Hopman Cup, 2012
As a high-profile exhibition tournament conducted a fortnight before the season’s first major, the Hopman Cup juggles the luxury of an invitational draw with the limitations imposed by the high number of alternative, officially-sanctioned events running in the same week. They can have any player they want, but the pickings might be slim. Coupled with the nation-based mixed team format, these factors invariably result in a broad cross-section of players, reflecting diverse rankings and abilities. The desire to have, say, Li Na in attendance carries with it the reality that China has no male player of comparable stature. Consequently, a worldwide audience has been introduced to Wu Di, ranked No.421, as have his loftily-ranked opponents. The Danish contingent was similarly comprised: what tournament is going to turn down Caroline Wozniacki, even if she arrives packaged with the obscure and likeable Frederik Nielsen (ranked No.236)?
To the Hopman Cup’s credit, it never tries to downplay the ‘lesser’ players. Even in very strong years – both Andy Murray and Novak Djokovic turned up in 2011 – the event devotes considerable energy and airtime to showcasing both upcomers and perennial journeymen. Occasionally the former category yields gold, as in 2001 when the great Martina Hingis was paired with a largely unknown 19-year-old called Roger Federer. Paradorn Srichaphan’s introduction proved similarly auspicious, as did Jelena Dokic’s, among others. This year’s ‘find’ – at least far as the broader public is concerned – was Grigor Dimitrov. Naturally, anyone reading a tennis site is probably familiar with Dimitrov already, but the Hopman Cup is nothing if not broadly popular. (The frequent crowd shots suggest that most of those in attendance suggest the event is a popular stop along the grey nomad migratory routes. It is doubtful whether many of them knew much about Bulgaria’s greatest male player a week ago. I suspect many could not locate the place on a map.) Furthermore, it has given the public the chance to see Dimitrov ply his trade against several top-ten players. It has proved to be an ideal opportunity for everyone to grow cheerfully acquainted.
Dimitrov plied admirably against Tomas Berdych, whom he had actually beaten in their only previous meeting, and then more scratchily in overcoming Nielson. It was against Mardy Fish that he truly excelled, punishing the world No.8 6/2 6/1 in under an hour. For the wrong reasons, this is the match that is fated to endure, mostly due to Fish’s boorish outbursts. Aside from the protagonists themselves, no one knows exactly what was said between Fish and Dimitrov after their singles match, or during the subsequent mixed doubles tie. Both men have since maintained a raffish coyness under delicate questioning. Neil Harman put it to Fish via Twitter, but was rebuffed offhandedly. Fish is now crooning from the ATP Media Relations Songbook, insisting that Dimitrov is a great talent and has a bright future, artlessly glossing the fact that he’d looked eager to abbreviate that future just hours earlier. Pat Cash, who’d commentated on the match, later offered his opinion that Fish’s tirade owed mostly to sour grapes at losing so badly. Matt Cronin then upbraided Cash on Twitter, demanding why the Australian felt the need to comment at all, given he hadn’t heard precisely what was said. In other words, the teacup can no longer contain the tempest it spawned.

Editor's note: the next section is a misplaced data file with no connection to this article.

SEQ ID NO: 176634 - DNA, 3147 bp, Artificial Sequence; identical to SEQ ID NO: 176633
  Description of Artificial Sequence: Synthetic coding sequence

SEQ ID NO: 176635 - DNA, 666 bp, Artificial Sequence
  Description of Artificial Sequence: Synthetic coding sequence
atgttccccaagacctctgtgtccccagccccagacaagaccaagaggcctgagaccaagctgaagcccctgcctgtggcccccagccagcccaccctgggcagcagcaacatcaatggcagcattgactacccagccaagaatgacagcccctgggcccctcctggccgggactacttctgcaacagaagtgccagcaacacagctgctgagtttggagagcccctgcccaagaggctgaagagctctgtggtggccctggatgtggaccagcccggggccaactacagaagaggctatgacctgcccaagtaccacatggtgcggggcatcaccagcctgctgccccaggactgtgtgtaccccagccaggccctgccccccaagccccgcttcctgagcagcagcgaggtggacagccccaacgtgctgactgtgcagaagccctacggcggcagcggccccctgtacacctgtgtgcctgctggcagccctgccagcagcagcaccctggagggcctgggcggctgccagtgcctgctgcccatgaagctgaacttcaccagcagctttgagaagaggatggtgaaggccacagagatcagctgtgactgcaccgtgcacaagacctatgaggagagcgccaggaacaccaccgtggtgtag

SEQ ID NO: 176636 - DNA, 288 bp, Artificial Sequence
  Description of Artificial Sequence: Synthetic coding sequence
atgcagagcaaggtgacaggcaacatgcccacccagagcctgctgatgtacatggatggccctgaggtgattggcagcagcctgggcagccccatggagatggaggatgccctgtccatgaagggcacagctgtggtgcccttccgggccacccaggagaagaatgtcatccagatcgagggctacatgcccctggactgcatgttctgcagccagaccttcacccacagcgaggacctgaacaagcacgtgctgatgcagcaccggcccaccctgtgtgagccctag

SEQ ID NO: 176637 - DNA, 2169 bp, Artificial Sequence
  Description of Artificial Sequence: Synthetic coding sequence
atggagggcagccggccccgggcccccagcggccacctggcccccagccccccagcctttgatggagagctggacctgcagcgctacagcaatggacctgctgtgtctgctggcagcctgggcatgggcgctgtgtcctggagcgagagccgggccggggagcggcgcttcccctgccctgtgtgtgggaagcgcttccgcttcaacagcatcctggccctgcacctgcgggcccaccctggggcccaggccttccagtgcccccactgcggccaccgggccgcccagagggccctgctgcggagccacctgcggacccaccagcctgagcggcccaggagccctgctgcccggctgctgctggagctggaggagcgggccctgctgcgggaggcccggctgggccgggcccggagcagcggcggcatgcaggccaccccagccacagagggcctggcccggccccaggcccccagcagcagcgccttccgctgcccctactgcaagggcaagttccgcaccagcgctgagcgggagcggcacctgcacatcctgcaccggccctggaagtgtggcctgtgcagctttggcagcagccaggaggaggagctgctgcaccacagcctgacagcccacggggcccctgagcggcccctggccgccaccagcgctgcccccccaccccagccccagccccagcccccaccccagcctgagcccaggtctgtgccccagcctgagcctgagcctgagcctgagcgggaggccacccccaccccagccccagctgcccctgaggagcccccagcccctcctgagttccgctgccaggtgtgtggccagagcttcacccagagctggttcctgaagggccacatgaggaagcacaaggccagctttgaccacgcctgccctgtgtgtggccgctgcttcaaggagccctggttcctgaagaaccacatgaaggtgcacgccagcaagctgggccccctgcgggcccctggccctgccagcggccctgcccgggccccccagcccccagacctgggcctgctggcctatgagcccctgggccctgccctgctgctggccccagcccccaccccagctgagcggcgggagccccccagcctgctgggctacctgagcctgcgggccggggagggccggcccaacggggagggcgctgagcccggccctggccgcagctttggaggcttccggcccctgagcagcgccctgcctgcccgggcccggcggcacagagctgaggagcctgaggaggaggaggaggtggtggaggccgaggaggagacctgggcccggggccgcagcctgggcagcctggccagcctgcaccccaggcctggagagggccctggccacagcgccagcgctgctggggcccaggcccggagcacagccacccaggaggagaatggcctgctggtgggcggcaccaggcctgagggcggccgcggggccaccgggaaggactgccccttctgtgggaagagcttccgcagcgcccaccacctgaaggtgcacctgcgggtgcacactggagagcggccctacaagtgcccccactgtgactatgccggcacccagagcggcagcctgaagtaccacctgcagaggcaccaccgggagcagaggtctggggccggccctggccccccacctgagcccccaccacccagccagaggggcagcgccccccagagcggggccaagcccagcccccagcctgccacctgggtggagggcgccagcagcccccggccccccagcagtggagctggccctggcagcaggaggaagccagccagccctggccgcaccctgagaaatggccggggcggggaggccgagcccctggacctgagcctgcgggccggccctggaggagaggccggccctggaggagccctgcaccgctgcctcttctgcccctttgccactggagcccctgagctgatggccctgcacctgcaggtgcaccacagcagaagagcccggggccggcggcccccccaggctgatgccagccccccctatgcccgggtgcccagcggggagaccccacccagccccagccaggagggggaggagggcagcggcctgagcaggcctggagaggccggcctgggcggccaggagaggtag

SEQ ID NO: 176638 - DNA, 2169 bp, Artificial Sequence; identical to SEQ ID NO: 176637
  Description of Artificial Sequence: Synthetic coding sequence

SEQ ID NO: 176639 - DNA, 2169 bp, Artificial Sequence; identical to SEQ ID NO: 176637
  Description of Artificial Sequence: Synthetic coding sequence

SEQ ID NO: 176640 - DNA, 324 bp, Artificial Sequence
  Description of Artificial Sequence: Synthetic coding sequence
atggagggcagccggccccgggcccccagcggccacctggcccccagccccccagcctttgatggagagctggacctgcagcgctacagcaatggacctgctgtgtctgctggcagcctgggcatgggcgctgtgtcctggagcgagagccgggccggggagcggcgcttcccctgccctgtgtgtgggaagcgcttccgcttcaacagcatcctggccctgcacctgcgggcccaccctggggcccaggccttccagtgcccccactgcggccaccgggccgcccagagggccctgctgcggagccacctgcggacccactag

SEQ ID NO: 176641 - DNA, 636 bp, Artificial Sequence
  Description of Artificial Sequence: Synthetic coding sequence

Regarding the last point, I would ask why Cash shouldn’t offer his opinion. Indeed, given his history of, and reputation for, effortless controversy, who really expected him not to? As a former great, it’s not as though he harbours any concern at upsetting Fish. And nor, by Cash’s lofty standards, did he essay anything especially contentious. Does anyone realistically believe Fish would have acted the way he did had he been winning two and one? All it has really done is overshadow Dimitrov’s performance, which was almost flawless. A capricious god would have them meet in the first round of the Australian Open.
Positive, aggressive and the reigning Wimbledon champion, Petra Kvitova is surely the No.1 the WTA craves. In any case, assuming she maintains her current form in Melbourne, she is almost certainly the one it is going to get. She coasts a bare hundred points adrift of Wozniacki at No.2. Thus her pairing with Tomas Berdych this week saw them first awarded the top seeding, then subsequently the title. In between they beat everyone, including a reasonable French team in the final. Berdych and Gasquet fought out a skilful and entertaining first set, until the tiebreaker, at which point Berdych interleaved unreturnable serving with unservable returning. Gasquet alternated frustration and resignation, and couldn’t manage a point. The Czech moved ahead in the second set, blasting to 5/1, until Gasquet suddenly ascended to that rarefied locale he fleetingly visits, in which he cannot miss the court no matter how hard he swings. He fought back to 5/4, before Berdych closed it out. Both men should take much from the encounter, though only one of them will take a weird trophy home. Speaking of which, it turns out a diamond-encrusted tennis ball sounds classy in theory, but in practice looks much like a miniature disco ball. Still, the Czechs seemed pleased enough, doubtless envisaging many happy hours constructing tiny Saturday Night Fever dioramas. Or perhaps I’m projecting.